Review: Ad Astra


Ever since Stanley Kubrick’s 2001: A Space Odyssey, scores of our finest filmmakers have done their best to reach for its cosmic heights. Danny Boyle’s Sunshine, Duncan Jones’ Moon, and Christopher Nolan’s Interstellar are all chasing Kubrick in some form. The film that comes the closest to catching that landmark may very well be Ad Astra from James Gray. The visuals are suitably stunning and awe-inspiring (helps when you have Interstellar’s cinematographer) and the rest of the craft is a technical masterwork, but it’s in wrapping this deep space journey as a Heart of Darkness parable that Gray truly sets it apart within one of my favorite sub-genres.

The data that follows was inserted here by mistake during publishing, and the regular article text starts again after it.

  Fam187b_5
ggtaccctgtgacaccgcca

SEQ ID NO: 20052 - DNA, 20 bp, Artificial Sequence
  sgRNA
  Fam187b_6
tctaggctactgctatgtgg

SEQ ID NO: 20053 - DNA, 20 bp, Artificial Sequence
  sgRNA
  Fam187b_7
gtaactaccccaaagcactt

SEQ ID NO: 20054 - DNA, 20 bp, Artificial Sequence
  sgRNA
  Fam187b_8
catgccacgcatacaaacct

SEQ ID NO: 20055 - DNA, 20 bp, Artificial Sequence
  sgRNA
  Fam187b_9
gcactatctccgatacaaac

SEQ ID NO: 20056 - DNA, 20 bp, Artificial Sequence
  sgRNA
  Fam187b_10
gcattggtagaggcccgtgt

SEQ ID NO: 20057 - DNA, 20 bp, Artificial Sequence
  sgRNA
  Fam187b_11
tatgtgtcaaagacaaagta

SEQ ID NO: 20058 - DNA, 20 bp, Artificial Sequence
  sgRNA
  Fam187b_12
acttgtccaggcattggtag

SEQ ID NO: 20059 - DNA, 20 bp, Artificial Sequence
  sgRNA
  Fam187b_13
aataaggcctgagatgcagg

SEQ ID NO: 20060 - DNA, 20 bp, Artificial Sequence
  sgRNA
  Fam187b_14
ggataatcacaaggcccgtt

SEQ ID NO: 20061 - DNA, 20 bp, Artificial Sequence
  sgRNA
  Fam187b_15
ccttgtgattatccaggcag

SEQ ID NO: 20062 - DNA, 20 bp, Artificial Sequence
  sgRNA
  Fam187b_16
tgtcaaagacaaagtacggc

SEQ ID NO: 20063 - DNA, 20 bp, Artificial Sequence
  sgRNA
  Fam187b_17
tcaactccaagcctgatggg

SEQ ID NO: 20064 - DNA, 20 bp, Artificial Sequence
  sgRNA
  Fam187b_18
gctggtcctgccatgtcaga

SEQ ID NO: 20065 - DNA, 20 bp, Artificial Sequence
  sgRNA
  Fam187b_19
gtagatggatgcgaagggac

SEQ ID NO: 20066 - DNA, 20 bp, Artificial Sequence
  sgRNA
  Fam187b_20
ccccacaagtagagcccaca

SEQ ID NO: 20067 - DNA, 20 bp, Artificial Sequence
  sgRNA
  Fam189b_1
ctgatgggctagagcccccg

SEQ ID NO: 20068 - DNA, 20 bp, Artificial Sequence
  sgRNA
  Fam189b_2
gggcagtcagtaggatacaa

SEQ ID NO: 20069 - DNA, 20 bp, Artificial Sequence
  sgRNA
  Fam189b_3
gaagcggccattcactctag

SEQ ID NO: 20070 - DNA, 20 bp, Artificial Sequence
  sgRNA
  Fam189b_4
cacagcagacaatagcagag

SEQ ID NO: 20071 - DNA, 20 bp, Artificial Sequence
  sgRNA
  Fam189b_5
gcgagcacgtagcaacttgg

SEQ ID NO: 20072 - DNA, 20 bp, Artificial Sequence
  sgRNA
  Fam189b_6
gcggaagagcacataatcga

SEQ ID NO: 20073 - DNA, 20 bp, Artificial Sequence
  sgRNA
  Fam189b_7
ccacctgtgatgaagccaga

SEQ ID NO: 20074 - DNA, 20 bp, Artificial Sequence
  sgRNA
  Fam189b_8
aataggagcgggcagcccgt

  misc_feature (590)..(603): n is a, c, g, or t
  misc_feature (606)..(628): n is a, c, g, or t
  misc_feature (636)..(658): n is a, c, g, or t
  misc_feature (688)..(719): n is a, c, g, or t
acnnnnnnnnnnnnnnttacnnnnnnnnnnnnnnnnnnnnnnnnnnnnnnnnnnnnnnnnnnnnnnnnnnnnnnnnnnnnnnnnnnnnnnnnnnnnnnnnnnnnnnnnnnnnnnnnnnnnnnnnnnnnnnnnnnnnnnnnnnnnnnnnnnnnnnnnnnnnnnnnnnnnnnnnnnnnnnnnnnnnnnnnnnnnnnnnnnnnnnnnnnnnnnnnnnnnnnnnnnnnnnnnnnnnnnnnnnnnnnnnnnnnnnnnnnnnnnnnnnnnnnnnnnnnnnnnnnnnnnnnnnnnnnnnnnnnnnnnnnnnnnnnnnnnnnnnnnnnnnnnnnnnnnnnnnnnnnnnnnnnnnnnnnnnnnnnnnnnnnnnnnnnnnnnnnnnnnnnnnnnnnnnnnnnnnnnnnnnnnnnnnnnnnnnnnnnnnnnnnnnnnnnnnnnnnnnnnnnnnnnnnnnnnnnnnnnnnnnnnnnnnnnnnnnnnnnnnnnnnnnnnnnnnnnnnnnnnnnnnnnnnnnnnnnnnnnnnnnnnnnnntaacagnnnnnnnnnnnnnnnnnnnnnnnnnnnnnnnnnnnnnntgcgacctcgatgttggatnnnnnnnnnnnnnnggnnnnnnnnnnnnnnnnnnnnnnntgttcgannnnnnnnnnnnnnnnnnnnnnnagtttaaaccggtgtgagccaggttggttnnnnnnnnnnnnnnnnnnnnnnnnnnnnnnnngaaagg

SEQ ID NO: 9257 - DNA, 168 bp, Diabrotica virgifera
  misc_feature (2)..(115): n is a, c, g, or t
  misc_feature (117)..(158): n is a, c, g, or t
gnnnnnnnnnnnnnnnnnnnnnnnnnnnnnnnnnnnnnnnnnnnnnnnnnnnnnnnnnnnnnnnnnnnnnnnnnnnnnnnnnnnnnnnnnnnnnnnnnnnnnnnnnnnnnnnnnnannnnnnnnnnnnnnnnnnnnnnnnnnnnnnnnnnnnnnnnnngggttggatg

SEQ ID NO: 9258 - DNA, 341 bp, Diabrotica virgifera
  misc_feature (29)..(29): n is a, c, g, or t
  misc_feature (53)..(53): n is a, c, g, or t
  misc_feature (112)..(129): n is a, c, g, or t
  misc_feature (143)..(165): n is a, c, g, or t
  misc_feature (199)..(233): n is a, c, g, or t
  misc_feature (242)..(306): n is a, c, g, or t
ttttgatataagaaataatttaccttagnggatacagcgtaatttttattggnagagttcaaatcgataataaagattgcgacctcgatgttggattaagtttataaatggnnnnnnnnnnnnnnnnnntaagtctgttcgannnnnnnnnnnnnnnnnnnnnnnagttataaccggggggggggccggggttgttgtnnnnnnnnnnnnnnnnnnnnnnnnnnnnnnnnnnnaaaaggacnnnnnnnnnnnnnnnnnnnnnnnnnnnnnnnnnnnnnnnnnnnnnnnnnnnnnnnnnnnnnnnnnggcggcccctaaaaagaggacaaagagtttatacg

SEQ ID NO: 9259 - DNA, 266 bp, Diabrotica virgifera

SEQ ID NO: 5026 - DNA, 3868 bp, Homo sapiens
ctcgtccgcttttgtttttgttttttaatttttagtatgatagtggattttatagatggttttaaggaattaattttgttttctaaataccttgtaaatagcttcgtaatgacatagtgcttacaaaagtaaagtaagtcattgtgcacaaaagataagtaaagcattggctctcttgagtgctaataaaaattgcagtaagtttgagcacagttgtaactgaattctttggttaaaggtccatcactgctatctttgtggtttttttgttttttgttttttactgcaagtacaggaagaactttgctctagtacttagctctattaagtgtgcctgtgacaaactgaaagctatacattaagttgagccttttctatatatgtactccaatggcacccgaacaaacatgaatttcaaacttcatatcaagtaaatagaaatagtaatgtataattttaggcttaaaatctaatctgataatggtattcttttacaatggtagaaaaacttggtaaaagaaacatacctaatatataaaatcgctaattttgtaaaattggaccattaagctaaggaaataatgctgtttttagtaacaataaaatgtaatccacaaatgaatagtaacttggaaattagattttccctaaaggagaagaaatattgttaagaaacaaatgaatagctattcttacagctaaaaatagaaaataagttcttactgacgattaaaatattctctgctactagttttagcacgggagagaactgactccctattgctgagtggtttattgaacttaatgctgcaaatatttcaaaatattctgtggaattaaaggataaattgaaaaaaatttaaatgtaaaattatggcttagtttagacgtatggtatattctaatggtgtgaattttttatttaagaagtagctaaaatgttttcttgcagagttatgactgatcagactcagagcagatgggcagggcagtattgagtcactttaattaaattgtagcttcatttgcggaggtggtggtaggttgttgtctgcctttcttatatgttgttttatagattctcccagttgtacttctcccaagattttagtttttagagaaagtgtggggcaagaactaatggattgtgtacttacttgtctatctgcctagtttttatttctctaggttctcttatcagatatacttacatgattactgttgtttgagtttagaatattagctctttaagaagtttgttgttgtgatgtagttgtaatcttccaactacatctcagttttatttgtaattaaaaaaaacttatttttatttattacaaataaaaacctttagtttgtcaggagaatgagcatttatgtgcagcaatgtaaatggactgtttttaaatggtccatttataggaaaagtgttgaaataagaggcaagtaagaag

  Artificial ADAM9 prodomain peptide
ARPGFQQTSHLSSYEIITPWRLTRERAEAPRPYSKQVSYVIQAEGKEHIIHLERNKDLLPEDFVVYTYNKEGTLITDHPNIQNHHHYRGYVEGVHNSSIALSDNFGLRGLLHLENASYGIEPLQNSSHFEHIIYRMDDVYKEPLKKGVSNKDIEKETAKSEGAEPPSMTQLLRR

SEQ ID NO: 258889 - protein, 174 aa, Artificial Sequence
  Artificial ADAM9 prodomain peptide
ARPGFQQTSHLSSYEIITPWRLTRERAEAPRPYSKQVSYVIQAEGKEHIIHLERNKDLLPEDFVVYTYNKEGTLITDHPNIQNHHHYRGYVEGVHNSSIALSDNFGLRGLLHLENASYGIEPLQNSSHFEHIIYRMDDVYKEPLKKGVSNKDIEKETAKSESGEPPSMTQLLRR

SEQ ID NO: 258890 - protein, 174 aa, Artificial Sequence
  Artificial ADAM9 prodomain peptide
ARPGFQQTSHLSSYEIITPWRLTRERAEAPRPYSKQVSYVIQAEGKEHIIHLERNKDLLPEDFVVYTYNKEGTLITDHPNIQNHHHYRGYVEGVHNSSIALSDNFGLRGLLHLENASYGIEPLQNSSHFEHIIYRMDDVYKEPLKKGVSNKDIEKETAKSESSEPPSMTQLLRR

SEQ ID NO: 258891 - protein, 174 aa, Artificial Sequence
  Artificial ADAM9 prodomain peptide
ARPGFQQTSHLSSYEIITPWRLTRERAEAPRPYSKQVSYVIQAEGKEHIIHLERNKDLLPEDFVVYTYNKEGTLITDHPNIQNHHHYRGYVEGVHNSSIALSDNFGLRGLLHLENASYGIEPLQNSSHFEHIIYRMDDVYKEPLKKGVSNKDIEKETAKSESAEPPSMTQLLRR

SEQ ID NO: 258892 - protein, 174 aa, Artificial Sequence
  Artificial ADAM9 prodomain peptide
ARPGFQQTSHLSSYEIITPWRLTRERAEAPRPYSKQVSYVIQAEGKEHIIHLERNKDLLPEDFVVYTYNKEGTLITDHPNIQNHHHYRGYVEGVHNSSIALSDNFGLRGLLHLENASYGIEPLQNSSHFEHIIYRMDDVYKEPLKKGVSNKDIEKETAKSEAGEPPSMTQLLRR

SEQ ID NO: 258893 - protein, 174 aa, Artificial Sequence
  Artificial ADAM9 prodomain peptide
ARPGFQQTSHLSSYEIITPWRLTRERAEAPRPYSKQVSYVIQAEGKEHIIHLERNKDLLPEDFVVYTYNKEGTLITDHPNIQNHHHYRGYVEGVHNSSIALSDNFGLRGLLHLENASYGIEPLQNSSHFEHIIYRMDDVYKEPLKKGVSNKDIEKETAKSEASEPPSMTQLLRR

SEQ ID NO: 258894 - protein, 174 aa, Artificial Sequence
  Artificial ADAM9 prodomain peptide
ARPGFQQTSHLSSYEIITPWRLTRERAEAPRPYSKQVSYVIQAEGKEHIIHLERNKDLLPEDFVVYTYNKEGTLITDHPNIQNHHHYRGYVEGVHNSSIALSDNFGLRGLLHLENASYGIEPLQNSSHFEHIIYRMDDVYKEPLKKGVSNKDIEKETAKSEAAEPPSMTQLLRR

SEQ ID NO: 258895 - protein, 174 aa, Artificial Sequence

The film explores big and challenging ideas that are otherwise missing from productions of this scale. Gray turns the vastness of space into a powerful force that can both astonish and terrify. It is also one of the best examples of light on your feet world-building since Mad Max: Fury Road. At the core though is an emotional story of father and son and how our perceptions of masculinity and human connectivity are passed down through the generations. This is seamlessly woven into larger, more cerebral themes about our place within the universe and humanity’s future. The marriage of emotional and intellectual ideas can be very tough to do, especially within the confines of a big blockbuster, but James Gray nails it here. Ad Astra is not for everyone, but for those who can tune to its ponderous pace and philosophical ruminations, you’ll find an emotionally and morally complex adventure to the edge of the space with one of Brad Pitt’s career-best performances. Grade: A+


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